Fairmiles Roundtable: banning airfreighted fresh produce puts millions of livelihoods at risk and does not help Net Zero

Over 200 stakeholders from 34 countries, representing fresh produce suppliers and retailers, academia, policy officers, and the international trade and development sector gathered at a Roundtable discussion on the 30th April in Brussels to debate whether airfreighted fresh produce should be banned in order to achieve Net Zero emissions targets.

The Roundtable was organised in response to recent airfreight bans introduced by several European retailers.

Moderated by Simone van Trier, attendees heard interventions from a range of speakers including Martijn Boelen, Head of Sector Trade at the Directorate-General for International Partnerships at the European Commission, Dr Ebenezer Laryea, Associate Professor in International Sustainable Development Law at the University of Northampton, Clement Tulezi, chair of the Kenyan National Horticulture Taskforce and CEO of Kenya Flower Council, James MacGregor, Development Economist and author of ‘Fair Miles: recharting the food miles map’ published by IIED and Oxfam,  Jeremy Knops, General Delegate at COLEAD,  and Steven Kerignard, Director Supply Chain LECOFRUIT in Madagascar.

During the Roundtable, James MacGregor and Dr Ebenezer Laryea revealed the results of the latest research by Fairmiles which suggests that at least 18 million livelihoods in developing countries are supported by airfreighted horticultural exports into Europe. This includes 1.25 million agricultural jobs and a further 2.4 million jobs in supply chains. The revenue and foreign exchange generated by this sector is needed to allow for domestic investments (including measures to reach Net Zero).

Additional points were heard including:

  • Farmers and vulnerable populations in in developing countries, despite being the least responsible for climate change, are already bearing the brunt of its consequences.
  • This raises the question as to whether it is fair to introduce a policy that will disproportionately affect the livelihoods of these same people, rather than looking at reducing CO2 emissions in other parts of the supply chain.
  • Transport of all food accounts for 1.56% of total global CO2e emissions. Of this, only 0.16% travels by air
  • The majority of airfreighted fresh produce is transported in the bellyhold of passenger planes. Without fresh-produce, these planes would still fly and bellyholds would be filled with other cargo.
  • In light of increasing restrictions, exporters in developing countries may be forced to investigate alternative markets to Europe who may be less demanding and potentially less lucrative for the livelihoods depending on it.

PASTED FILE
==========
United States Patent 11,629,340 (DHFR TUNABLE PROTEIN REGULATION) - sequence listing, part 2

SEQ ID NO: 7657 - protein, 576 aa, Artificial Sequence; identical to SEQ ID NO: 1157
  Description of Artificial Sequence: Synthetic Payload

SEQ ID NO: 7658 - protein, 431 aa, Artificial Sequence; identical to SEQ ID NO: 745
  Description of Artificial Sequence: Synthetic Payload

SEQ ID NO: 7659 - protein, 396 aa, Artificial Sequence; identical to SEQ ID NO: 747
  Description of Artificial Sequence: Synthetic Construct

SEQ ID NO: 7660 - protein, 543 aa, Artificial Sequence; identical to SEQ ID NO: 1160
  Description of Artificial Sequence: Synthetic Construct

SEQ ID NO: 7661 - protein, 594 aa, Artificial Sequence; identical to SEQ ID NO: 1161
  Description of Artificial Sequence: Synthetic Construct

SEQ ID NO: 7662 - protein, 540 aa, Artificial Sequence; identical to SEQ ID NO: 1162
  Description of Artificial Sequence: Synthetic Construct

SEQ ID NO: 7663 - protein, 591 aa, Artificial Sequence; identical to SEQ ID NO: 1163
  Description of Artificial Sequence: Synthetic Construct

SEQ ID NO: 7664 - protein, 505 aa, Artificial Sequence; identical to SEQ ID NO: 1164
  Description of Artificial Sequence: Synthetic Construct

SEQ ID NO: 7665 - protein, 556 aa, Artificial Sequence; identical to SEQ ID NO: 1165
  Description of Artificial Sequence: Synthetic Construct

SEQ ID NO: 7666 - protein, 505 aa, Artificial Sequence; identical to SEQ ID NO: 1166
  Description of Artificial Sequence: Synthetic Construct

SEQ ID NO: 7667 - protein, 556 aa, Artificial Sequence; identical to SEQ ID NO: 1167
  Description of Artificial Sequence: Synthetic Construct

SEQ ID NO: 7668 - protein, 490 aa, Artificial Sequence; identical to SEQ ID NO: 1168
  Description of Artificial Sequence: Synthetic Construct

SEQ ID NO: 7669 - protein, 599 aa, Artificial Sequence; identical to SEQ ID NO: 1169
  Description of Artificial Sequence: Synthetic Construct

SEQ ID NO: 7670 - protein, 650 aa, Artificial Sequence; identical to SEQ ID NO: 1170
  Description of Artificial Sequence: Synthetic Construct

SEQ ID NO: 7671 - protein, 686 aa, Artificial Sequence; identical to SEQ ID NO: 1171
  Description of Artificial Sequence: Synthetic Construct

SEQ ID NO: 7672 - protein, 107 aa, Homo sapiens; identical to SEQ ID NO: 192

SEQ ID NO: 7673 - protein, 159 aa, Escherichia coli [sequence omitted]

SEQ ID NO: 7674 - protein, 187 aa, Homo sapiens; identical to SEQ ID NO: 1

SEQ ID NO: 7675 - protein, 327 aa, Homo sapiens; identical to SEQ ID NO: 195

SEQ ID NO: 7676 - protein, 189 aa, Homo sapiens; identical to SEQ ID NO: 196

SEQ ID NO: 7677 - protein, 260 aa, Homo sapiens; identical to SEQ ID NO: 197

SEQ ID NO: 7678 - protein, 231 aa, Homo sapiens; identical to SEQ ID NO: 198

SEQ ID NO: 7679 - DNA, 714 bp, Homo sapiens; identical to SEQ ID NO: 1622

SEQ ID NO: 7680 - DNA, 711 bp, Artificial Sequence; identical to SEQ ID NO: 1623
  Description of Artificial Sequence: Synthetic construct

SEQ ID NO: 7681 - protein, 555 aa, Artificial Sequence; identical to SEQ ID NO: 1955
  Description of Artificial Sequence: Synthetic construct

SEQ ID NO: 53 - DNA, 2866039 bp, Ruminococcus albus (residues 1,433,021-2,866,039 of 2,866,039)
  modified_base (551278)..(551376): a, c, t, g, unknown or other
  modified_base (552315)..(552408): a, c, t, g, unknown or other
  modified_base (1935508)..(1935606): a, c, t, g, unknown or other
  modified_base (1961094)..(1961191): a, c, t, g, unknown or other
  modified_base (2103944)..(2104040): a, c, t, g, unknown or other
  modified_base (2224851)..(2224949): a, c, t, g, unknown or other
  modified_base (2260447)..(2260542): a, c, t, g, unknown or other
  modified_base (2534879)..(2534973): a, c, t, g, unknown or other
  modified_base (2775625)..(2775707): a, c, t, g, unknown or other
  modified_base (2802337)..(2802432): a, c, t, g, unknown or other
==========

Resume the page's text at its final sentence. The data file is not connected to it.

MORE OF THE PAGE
A poll conducted during this Roundtable found an overwhelming majority (96%) voted ‘no’ to the question of whether blanket bans on airfreighted fresh produce are a useful tool to achieve Europe’s climate ambitions.

Participants were also asked to contribute ideas for next steps. Some of the ideas that were put forward included:

  • More published research and data to better understand the key environmental, social and economic impacts so we can inform responsible decision making.
  • Science-Based Climate Justice Net Zero guidelines for policy makers and buyers – ensuring we can make a just transition and limit unintended consequences.
  • More dialogue and engagement with key stakeholders, including retailers, NGOs, consumers.

Jeremy Knops, General Delegate at COLEAD said “Agricultural export value chains are fundamental for low-income countries. Banning airfreight would have devastating consequences, leading to significant job losses and loss of income for some of the most vulnerable people in global supply chains”.

When speaking about measures being taken by the European Union to flight climate change, Martijn Boelen, Head of Sector Trade at the Directorate-General for International Partnerships (INTPA) at the European Commission, said “What you do not hear is that we (the European Commission), forbid to forbid stuff. We make things more expensive, we make sure there is a level playing field…. but what we will not do, I’ve not seen any proposals ever, is to say ‘ok you cannot fly in fresh produce anymore’”.

Following the Roundtable, Fairmiles will continue to research and raise awareness of the impacts of airfreighted fresh produce, and engage more with key stakeholders to seek how a fair approach to Net Zero emissions can be achieved without unintended consequences on livelihoods.

Don’t give up on African flower farmers this Valentines Day

A study conducted by Fairmiles and the University of Exeter has estimated that the livelihoods of at least five million people in Africa who benefit from the trade of airfreighted fresh produce to UK and European supermarkets are at risk by limiting flown food and flowers.

The research was presented during a stakeholder roundtable organised by the campaign group ‘Fairmiles’ to discuss how to take a fair approach to Net Zero without stopping vital market access for developing world producers.

Fairmiles is made up a of organisations representing fresh produce businesses, academia and the international development sector. Its aim is to establish a just and equitable strategy, consistent with the principles of Climate Justice to ensure we achieve Net Zero without stopping vital market access for developing world producers. Founding partners include ODI, University of Northampton, University of Exeter, COLEAD, Beanstalk.Global and Blue Skies.

The research highlighted that airfreight helps communities to thrive in global supply chains, enabling inward investment and inclusive economic development. It also revealed:

  • Very few emissions come from Africa, or air freighting fresh produce. Africa comprises of 18% of the world’s population but only 3% of emissions. Transport of food is 1.56% of total global emissions. Of this, just 0.16% of food travels by air.